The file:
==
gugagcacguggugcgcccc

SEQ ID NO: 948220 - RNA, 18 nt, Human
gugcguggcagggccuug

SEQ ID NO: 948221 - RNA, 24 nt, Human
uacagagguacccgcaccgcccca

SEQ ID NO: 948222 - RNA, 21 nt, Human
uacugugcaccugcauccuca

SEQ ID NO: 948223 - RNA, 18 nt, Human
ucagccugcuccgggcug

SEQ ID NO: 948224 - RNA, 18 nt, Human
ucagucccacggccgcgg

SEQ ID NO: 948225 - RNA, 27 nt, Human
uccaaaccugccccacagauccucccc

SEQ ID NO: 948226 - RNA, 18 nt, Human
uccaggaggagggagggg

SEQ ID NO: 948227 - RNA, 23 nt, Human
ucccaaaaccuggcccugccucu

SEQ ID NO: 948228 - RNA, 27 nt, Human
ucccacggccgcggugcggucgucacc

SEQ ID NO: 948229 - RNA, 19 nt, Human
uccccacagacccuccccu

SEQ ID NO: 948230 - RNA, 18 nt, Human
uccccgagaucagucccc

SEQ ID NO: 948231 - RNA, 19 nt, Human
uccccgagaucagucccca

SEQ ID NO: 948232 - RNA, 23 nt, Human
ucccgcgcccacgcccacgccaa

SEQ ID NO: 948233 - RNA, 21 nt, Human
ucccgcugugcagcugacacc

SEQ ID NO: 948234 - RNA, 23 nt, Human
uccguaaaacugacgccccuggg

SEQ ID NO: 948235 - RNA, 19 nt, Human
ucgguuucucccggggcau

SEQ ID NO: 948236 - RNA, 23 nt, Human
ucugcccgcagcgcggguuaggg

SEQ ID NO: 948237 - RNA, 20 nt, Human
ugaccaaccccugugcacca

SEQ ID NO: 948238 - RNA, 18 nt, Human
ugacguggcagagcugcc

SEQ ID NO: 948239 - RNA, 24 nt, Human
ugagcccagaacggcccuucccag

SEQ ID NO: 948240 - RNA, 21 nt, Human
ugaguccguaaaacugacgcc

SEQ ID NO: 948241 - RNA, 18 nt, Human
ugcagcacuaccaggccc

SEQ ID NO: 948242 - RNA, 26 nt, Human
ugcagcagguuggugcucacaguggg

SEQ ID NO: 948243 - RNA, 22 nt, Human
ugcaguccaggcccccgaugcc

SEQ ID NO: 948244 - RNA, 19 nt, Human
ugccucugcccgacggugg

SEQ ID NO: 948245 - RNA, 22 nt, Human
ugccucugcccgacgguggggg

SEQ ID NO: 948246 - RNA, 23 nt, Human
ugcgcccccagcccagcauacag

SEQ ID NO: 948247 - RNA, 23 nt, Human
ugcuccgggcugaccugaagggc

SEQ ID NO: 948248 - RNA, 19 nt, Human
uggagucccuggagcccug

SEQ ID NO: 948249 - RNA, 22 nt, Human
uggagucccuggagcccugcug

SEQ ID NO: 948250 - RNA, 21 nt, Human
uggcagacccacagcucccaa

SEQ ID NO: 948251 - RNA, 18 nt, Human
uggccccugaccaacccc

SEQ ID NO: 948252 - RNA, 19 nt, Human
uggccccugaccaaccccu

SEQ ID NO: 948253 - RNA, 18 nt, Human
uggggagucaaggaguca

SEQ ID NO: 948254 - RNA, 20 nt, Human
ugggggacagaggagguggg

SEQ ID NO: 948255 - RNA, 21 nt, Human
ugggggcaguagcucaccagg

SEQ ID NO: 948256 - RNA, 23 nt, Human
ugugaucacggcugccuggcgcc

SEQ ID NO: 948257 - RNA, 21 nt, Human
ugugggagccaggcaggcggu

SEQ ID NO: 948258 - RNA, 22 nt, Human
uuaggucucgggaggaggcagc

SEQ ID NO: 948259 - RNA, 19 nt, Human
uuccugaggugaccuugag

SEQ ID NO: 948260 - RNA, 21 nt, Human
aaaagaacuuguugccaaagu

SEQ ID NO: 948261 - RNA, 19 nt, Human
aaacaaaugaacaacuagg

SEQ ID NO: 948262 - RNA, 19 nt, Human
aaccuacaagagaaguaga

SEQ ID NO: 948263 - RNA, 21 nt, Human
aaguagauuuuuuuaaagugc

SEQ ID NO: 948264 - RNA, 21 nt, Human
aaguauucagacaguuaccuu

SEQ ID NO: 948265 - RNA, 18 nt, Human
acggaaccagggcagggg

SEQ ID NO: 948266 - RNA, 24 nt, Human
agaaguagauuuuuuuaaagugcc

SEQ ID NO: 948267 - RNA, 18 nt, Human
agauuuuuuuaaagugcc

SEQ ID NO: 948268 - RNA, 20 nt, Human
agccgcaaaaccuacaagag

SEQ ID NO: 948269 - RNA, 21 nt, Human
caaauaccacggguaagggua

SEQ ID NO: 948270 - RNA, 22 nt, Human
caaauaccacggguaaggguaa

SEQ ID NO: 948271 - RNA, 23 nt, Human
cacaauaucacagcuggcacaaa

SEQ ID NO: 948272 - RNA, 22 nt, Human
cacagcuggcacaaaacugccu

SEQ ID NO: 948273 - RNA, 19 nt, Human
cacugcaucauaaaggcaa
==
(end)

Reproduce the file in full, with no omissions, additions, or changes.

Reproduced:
gugagcacguggugcgcccc

SEQ ID NO: 948220 - RNA, 18 nt, Human
gugcguggcagggccuug

SEQ ID NO: 948221 - RNA, 24 nt, Human
uacagagguacccgcaccgcccca

SEQ ID NO: 948222 - RNA, 21 nt, Human
uacugugcaccugcauccuca

SEQ ID NO: 948223 - RNA, 18 nt, Human
ucagccugcuccgggcug

SEQ ID NO: 948224 - RNA, 18 nt, Human
ucagucccacggccgcgg

SEQ ID NO: 948225 - RNA, 27 nt, Human
uccaaaccugccccacagauccucccc

SEQ ID NO: 948226 - RNA, 18 nt, Human
uccaggaggagggagggg

SEQ ID NO: 948227 - RNA, 23 nt, Human
ucccaaaaccuggcccugccucu

SEQ ID NO: 948228 - RNA, 27 nt, Human
ucccacggccgcggugcggucgucacc

SEQ ID NO: 948229 - RNA, 19 nt, Human
uccccacagacccuccccu

SEQ ID NO: 948230 - RNA, 18 nt, Human
uccccgagaucagucccc

SEQ ID NO: 948231 - RNA, 19 nt, Human
uccccgagaucagucccca

SEQ ID NO: 948232 - RNA, 23 nt, Human
ucccgcgcccacgcccacgccaa

SEQ ID NO: 948233 - RNA, 21 nt, Human
ucccgcugugcagcugacacc

SEQ ID NO: 948234 - RNA, 23 nt, Human
uccguaaaacugacgccccuggg

SEQ ID NO: 948235 - RNA, 19 nt, Human
ucgguuucucccggggcau

SEQ ID NO: 948236 - RNA, 23 nt, Human
ucugcccgcagcgcggguuaggg

SEQ ID NO: 948237 - RNA, 20 nt, Human
ugaccaaccccugugcacca

SEQ ID NO: 948238 - RNA, 18 nt, Human
ugacguggcagagcugcc

SEQ ID NO: 948239 - RNA, 24 nt, Human
ugagcccagaacggcccuucccag

SEQ ID NO: 948240 - RNA, 21 nt, Human
ugaguccguaaaacugacgcc

SEQ ID NO: 948241 - RNA, 18 nt, Human
ugcagcacuaccaggccc

SEQ ID NO: 948242 - RNA, 26 nt, Human
ugcagcagguuggugcucacaguggg

SEQ ID NO: 948243 - RNA, 22 nt, Human
ugcaguccaggcccccgaugcc

SEQ ID NO: 948244 - RNA, 19 nt, Human
ugccucugcccgacggugg

SEQ ID NO: 948245 - RNA, 22 nt, Human
ugccucugcccgacgguggggg

SEQ ID NO: 948246 - RNA, 23 nt, Human
ugcgcccccagcccagcauacag

SEQ ID NO: 948247 - RNA, 23 nt, Human
ugcuccgggcugaccugaagggc

SEQ ID NO: 948248 - RNA, 19 nt, Human
uggagucccuggagcccug

SEQ ID NO: 948249 - RNA, 22 nt, Human
uggagucccuggagcccugcug

SEQ ID NO: 948250 - RNA, 21 nt, Human
uggcagacccacagcucccaa

SEQ ID NO: 948251 - RNA, 18 nt, Human
uggccccugaccaacccc

SEQ ID NO: 948252 - RNA, 19 nt, Human
uggccccugaccaaccccu

SEQ ID NO: 948253 - RNA, 18 nt, Human
uggggagucaaggaguca

SEQ ID NO: 948254 - RNA, 20 nt, Human
ugggggacagaggagguggg

SEQ ID NO: 948255 - RNA, 21 nt, Human
ugggggcaguagcucaccagg

SEQ ID NO: 948256 - RNA, 23 nt, Human
ugugaucacggcugccuggcgcc

SEQ ID NO: 948257 - RNA, 21 nt, Human
ugugggagccaggcaggcggu

SEQ ID NO: 948258 - RNA, 22 nt, Human
uuaggucucgggaggaggcagc

SEQ ID NO: 948259 - RNA, 19 nt, Human
uuccugaggugaccuugag

SEQ ID NO: 948260 - RNA, 21 nt, Human
aaaagaacuuguugccaaagu

SEQ ID NO: 948261 - RNA, 19 nt, Human
aaacaaaugaacaacuagg

SEQ ID NO: 948262 - RNA, 19 nt, Human
aaccuacaagagaaguaga

SEQ ID NO: 948263 - RNA, 21 nt, Human
aaguagauuuuuuuaaagugc

SEQ ID NO: 948264 - RNA, 21 nt, Human
aaguauucagacaguuaccuu

SEQ ID NO: 948265 - RNA, 18 nt, Human
acggaaccagggcagggg

SEQ ID NO: 948266 - RNA, 24 nt, Human
agaaguagauuuuuuuaaagugcc

SEQ ID NO: 948267 - RNA, 18 nt, Human
agauuuuuuuaaagugcc

SEQ ID NO: 948268 - RNA, 20 nt, Human
agccgcaaaaccuacaagag

SEQ ID NO: 948269 - RNA, 21 nt, Human
caaauaccacggguaagggua

SEQ ID NO: 948270 - RNA, 22 nt, Human
caaauaccacggguaaggguaa

SEQ ID NO: 948271 - RNA, 23 nt, Human
cacaauaucacagcuggcacaaa

SEQ ID NO: 948272 - RNA, 22 nt, Human
cacagcuggcacaaaacugccu

SEQ ID NO: 948273 - RNA, 19 nt, Human
cacugcaucauaaaggcaa